Connecticut residents donated an all-time high of $5 billion to charity in 2015, according to a recent report from the Connecticut Council for Philanthropy. However, the number of residents that donate is decreasing, raising questions about the sustainability of these gifts.
In-state foundations gave $1.2 billion in donations while the remaining $3.8 billion came from independent individuals and their families, the CCP report said. When it comes to charitable giving, Connecticut residents are above average in many ways, it said. The council reports that 74 percent of all Connecticut households donated to charity in 2015, significantly above the national average of 55 percent. Connecticut residents also tend to donate more money to most types of organizations.
The average Connecticut donor gave $362 more to basic needs organizations than the average donor nationwide, as well as $90 more to arts and culture organizations. Connecticut residents only fell significantly behind the rest of the nation in donating to religious organizations. That difference is large: Connecticut residents gave $375 on average while the national average gift was $1,390.
Among private foundations, General Electric donated $106 million, the single largest amount from any one foundation in Connecticut that year. The Steven & Alexandra M. Cohen Foundation comes in second place with $86 million. Just 12 percent of foundations provided 90 percent of all foundation grants that year, and more than half of these private foundations were based in Fairfield County, the council report says.
The total amount of donations from Connecticut residents increased by nine percent between 2014 and 2015, but the number of residents donating to charity fell. In the decade leading up to 2015, there had been a 13 percent decrease in the number of Connecticut residents donating to charity.
Nearly half of the $3.8 billion in donations from individuals came from people whose annual incomes exceed $200,000.
“The data reflects some of the inequality that exists in Connecticut,” says Julie Loughran, President and CEO of the Connecticut Community Foundation. “You have wealthy individuals and large foundations giving more, which is reflected in the dollar number going up, but low- and middle-income donors are giving less. What is particularly concerning about that is that gifts from smaller donors are often critical to local community-based organizations.”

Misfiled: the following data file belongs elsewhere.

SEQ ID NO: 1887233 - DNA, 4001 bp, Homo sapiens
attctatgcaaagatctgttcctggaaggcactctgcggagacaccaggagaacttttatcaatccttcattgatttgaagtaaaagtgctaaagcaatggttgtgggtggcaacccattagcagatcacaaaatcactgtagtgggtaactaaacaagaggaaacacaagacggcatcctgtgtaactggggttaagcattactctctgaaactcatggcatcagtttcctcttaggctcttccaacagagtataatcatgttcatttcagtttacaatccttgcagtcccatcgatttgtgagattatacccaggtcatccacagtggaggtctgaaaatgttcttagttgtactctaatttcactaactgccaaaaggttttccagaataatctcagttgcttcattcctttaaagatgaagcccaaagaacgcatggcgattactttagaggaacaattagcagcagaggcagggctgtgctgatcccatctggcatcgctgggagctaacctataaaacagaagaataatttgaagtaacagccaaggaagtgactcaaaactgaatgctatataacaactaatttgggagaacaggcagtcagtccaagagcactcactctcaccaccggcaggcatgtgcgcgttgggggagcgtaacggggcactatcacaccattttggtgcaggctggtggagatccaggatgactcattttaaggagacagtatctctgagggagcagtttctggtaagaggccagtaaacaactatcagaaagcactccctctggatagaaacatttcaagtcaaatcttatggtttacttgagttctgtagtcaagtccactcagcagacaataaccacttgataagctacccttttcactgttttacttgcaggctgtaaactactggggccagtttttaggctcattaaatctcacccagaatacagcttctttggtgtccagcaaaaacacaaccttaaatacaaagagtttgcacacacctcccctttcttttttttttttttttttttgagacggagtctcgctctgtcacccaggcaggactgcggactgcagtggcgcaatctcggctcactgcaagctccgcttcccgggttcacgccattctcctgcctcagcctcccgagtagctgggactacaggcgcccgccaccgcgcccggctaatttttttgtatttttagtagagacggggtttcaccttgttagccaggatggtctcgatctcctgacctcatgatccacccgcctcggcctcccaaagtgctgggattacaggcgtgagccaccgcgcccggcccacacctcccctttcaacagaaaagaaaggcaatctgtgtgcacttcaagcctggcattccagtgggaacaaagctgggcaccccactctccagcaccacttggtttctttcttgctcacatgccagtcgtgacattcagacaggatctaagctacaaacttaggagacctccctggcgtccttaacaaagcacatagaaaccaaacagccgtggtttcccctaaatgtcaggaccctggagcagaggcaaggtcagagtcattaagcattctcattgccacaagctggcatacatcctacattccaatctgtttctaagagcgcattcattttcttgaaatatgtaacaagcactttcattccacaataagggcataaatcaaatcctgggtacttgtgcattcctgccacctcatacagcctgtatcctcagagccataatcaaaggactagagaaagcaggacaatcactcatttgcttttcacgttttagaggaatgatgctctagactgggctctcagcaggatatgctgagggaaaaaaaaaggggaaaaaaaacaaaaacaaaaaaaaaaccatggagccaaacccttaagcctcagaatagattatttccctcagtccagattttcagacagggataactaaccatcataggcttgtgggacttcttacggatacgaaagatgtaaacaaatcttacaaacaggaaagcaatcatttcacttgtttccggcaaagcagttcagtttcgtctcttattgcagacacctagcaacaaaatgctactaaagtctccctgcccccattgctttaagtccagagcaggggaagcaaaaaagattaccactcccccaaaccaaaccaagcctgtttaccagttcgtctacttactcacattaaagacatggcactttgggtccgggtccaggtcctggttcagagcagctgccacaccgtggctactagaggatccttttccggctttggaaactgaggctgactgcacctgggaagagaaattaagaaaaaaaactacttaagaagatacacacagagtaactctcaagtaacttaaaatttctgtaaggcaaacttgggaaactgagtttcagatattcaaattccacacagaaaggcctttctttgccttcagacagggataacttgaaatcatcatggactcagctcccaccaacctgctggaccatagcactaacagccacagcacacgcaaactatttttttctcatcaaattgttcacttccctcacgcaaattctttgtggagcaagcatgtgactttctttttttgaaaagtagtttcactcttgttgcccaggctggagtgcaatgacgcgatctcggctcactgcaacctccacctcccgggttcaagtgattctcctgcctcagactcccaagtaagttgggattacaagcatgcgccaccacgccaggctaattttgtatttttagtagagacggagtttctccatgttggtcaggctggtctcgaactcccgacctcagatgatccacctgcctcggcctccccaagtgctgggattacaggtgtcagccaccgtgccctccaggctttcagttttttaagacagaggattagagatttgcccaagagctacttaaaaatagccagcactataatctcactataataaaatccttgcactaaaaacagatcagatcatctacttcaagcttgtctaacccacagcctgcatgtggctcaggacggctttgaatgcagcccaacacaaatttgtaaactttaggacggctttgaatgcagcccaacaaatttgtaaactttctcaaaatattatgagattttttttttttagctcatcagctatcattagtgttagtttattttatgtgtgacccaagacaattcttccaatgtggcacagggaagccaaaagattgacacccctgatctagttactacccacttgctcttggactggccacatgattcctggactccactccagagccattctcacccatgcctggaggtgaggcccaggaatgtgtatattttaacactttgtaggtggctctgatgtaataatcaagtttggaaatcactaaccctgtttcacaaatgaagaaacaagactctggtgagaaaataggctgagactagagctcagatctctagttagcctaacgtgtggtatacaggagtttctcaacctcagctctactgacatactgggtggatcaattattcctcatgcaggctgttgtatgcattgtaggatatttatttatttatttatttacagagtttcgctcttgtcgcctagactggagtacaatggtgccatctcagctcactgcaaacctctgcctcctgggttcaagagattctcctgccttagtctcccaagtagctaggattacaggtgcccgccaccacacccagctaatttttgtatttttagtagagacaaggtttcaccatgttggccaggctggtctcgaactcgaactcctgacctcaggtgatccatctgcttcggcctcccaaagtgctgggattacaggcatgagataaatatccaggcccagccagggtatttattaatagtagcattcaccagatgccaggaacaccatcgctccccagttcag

Local nonprofits are largely sustained by donations from low- and middle-income donors. It becomes even more important for these nonprofits to find their support locally when 63 percent of foundation dollars go out of state, the CPP report says.
The report also notes that, while private foundations give the most money, community foundations are unique in that they involve the philanthropic visions of local community members. This means that residents of various income levels can be involved in strategic charitable giving.
The council is also concerned that these residents might lose the incentive to donate due to the 2017 tax law, which doubled the standard deduction. “Because the standard deduction has doubled, fewer people are going to be able to itemize their deductions. If someone was [previously] motivated to make charitable gifts in part by the tax deduction, this might incline them not to give, to reduce their giving, or to give more sporadically,” Loughran said. “But it’s unclear how many donors are motivated by the deduction. You may have a lot of people who just want to give to the things they care about and share their wealth. We can’t know yet how this will affect individual donor behavior.”
Loughran observed that Connecticut is a particularly philanthropic state. She said the hope is that it will continue to be so, and that low- and middle-income residents can continue to donate to local nonprofits.